Gene wrote a story about country singer Jann Browne when she was first starting out. When they would go to her shows, Browne called Gene “the guy who made my little career.”
When he was at Kent State, Gene worked for The Daily Kent Stater in a number of different roles, including news editor. In 1977, he was tear gassed while covering the protests over the building of the Memorial Gym Annex.
“He wasn’t just someone like a journalist who was dispassionately watching what was going on in his life at times, but he was very engaged too,” Smith said.
Gene’s best man at his wedding and college roommate, Jim Sled, cherishes the memory of going to the Water Street Saloon and listening to country music. Sled said Gene loved when the fiddler would play Orange Blossom Special.
“We were so young and the music (was) so lively,” Sled said. “That’s how I always want to remember him. Enjoying great live music and letting himself go.”
Gene recently revisited his time at Kent State by writing about the 50th anniversary of the May 4 shootings. Todd Harmonson, senior editor of the Orange County Register, edited the piece. Gene came to Harmonson and expressed interest in writing it, and Harmonson was on board.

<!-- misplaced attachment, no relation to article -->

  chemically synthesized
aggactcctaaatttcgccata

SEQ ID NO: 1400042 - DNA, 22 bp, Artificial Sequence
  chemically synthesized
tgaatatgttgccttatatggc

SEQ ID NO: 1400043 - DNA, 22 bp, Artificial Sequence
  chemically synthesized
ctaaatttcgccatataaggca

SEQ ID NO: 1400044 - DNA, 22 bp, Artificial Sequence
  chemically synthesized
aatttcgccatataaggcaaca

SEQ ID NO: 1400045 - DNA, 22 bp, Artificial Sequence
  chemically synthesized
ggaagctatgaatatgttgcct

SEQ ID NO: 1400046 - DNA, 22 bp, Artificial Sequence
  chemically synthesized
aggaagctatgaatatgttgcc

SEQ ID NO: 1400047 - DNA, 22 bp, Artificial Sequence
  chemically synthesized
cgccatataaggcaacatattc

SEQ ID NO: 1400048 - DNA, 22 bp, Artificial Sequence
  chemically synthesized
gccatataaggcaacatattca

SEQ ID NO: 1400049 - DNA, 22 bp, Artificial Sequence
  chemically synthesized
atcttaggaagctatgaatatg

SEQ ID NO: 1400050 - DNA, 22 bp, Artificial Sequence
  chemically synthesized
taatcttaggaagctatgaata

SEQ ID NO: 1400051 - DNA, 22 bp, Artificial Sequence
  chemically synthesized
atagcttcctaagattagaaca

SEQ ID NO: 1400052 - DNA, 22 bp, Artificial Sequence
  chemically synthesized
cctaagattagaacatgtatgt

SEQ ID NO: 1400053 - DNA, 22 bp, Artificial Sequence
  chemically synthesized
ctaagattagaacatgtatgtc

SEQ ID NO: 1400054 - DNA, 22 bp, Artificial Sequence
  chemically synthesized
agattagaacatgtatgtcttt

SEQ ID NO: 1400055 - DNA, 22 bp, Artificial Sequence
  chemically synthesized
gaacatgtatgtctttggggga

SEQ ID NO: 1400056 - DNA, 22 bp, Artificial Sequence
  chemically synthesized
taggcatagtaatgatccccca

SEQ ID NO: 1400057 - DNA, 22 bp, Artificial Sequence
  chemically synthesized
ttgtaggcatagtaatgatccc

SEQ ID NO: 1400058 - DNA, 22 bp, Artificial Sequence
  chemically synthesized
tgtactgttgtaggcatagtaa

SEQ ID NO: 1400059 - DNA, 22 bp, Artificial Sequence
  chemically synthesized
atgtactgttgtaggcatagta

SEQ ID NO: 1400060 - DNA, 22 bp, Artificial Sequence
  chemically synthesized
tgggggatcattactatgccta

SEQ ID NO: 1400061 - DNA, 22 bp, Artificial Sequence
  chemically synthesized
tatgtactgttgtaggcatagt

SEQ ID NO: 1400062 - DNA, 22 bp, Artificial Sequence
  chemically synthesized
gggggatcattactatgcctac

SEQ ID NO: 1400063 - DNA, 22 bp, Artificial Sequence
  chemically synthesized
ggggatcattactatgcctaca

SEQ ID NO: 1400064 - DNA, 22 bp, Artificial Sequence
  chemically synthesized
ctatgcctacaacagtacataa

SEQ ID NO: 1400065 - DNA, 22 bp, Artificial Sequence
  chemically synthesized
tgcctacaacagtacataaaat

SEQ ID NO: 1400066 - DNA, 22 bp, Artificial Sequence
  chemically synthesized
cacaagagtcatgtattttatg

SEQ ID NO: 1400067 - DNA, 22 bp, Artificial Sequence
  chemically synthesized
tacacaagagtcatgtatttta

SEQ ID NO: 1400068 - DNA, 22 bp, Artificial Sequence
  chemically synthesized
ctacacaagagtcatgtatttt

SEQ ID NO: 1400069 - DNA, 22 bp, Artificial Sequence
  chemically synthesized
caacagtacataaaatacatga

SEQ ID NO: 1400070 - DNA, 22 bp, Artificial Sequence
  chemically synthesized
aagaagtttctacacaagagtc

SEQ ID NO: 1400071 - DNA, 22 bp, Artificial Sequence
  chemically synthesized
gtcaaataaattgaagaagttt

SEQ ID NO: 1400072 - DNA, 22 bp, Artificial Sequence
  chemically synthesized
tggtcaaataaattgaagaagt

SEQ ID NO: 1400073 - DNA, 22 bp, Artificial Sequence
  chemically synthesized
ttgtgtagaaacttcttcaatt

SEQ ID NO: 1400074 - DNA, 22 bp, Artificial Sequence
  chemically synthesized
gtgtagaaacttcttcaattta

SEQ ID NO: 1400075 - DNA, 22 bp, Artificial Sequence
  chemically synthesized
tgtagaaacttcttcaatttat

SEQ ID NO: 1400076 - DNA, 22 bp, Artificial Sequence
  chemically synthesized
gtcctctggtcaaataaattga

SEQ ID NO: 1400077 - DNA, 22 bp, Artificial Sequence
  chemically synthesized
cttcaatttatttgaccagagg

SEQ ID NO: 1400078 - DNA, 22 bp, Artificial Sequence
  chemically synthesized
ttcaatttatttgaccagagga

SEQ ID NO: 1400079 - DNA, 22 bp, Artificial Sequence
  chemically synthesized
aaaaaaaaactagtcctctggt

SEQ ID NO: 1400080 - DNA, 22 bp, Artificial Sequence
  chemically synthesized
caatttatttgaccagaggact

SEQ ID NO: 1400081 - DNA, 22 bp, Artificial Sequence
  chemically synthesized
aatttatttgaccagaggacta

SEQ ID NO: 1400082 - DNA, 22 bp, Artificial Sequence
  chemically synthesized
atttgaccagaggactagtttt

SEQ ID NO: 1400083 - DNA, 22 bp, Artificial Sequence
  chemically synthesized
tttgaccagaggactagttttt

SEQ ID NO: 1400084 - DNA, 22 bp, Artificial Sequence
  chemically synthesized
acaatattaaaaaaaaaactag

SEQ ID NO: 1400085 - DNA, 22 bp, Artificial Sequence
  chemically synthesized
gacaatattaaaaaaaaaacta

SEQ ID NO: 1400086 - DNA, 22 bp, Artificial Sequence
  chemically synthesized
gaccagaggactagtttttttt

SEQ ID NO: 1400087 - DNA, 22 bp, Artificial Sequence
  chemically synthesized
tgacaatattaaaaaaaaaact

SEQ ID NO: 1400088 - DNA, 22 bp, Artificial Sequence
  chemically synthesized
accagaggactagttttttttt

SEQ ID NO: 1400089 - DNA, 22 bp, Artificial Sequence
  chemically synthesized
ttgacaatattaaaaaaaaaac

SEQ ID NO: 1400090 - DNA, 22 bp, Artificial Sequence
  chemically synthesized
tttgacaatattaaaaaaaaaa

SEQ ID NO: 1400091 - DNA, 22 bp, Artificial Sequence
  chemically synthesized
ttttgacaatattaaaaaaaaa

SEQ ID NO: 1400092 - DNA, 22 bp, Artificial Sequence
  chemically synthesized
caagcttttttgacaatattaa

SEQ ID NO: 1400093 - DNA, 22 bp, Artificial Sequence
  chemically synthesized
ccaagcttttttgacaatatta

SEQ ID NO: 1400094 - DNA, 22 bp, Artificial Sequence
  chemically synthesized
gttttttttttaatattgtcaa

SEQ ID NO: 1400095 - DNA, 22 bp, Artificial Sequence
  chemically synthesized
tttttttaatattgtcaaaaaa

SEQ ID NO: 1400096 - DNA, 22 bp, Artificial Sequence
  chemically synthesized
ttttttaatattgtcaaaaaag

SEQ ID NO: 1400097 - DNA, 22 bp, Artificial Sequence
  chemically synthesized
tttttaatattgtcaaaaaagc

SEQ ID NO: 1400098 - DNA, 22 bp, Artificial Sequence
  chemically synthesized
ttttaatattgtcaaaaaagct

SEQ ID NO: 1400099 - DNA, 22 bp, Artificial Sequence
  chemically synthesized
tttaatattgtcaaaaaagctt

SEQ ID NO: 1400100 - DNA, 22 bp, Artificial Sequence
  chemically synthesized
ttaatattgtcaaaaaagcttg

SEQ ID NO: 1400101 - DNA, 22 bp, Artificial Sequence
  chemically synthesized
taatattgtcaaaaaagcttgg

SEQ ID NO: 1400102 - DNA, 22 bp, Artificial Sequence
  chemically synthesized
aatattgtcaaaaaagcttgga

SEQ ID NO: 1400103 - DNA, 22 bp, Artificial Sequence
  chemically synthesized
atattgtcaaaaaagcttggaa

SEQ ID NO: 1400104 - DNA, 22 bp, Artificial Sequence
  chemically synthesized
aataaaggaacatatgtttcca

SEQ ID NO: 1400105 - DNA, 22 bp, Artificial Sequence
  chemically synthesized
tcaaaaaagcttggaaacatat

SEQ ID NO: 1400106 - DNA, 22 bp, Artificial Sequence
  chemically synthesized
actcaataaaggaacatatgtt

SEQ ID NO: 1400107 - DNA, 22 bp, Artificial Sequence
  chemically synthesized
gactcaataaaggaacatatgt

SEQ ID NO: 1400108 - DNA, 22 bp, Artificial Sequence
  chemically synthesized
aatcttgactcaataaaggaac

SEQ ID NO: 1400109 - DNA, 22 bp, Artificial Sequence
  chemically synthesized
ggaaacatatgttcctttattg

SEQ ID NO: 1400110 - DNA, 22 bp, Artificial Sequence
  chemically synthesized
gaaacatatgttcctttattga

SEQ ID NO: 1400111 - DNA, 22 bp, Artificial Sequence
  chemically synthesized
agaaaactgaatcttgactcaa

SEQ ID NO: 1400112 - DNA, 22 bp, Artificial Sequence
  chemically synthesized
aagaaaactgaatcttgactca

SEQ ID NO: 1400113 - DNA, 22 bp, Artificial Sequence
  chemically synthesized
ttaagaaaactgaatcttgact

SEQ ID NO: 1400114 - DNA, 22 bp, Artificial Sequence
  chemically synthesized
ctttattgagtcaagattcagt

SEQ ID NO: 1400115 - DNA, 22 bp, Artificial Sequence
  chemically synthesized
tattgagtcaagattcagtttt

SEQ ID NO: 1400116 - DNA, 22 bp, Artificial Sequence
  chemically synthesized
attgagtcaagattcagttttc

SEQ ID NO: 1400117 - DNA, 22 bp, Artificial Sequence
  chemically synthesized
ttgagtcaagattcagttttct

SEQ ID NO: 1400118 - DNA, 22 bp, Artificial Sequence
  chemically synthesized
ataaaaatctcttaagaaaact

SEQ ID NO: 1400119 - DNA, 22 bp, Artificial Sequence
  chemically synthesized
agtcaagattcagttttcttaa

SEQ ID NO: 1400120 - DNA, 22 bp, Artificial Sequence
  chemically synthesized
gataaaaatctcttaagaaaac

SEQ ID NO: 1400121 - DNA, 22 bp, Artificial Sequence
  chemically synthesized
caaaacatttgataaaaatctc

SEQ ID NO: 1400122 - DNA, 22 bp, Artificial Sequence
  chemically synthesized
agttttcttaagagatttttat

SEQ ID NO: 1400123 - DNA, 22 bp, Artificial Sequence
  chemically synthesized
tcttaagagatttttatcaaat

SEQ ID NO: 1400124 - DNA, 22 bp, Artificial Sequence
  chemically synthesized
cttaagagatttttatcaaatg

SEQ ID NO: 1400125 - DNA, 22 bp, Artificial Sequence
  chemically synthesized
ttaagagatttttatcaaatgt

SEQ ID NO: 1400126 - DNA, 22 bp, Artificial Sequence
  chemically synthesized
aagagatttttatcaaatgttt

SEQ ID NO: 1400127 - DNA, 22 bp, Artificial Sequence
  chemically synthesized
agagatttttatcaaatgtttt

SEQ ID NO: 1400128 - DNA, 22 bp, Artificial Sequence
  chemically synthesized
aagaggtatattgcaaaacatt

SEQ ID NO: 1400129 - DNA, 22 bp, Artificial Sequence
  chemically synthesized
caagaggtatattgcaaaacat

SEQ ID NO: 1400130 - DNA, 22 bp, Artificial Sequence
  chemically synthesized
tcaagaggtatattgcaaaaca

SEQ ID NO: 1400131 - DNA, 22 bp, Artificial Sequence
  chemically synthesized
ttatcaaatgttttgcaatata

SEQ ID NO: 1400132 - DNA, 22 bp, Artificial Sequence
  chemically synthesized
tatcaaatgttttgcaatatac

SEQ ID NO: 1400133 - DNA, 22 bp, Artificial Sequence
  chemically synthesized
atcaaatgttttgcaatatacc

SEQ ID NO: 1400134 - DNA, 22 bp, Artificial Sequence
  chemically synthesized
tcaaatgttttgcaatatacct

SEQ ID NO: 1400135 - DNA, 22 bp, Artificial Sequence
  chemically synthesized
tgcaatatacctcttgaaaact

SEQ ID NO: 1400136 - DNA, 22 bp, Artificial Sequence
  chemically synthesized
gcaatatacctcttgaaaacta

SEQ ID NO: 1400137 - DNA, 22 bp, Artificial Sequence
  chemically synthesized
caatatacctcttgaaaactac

“It was just so well done,” Harmonson said. “I enjoyed that experience because I hadn’t edited one of his stories before.”
Gene was a hands-on editor and enjoyed working with young reporters to help them build their skill sets. Smith said he was known at the paper for being grumpy, but with a very big heart.
“He had a curmudgeonly veneer,” Smith said. “He was very professional, but at the same time he had a great sense of humor.”
Gene’s love for sports, especially the Angels and Ohio sports teams, showed in his everyday interactions. Frequenting spring training and games, Gene loved going to any game he could. Harmonson shared a story of going to an Angels game with Gene and other Register staffers.
“I bought a bunch of tickets for the people on staff to go (to the game),” Harmonson said. “Gene had gone and taken the day off... and was sitting in one spot. He moved over to join us and as soon as he did, somebody hit a home run that landed in the seat he had just vacated.”
Friends, family and colleagues held a memorial remembrance for Gene in the Register parking lot. Keith Sharon, reporter for the Orange County Register, said they wore clothes inspired by Gene and had a playlist of songs that reminded them of him.
“We had people drive up in the parking lot and parked their cars in a half circle, and we put a speaker in the middle and we played songs inspired by Gene...,” Sharon said. “At one point… their song when they met in the 1970s was by The Kinks (Ducks on a Wall)... when (Patt) heard that she started dancing.”
Susan Jacobs, a former colleague of Gene’s, believes his expectations and editor skills made her a better journalist.
“It’s just very sad to lose someone who was so good and passionate about what he did, it will be very hard for him to be replaced in that newsroom,” Jacobs said. “He’s one of those newspaper people from the old days that’s very hard to replace. They don’t make them like that anymore.”
Contact Molly Heideman at email@example.com.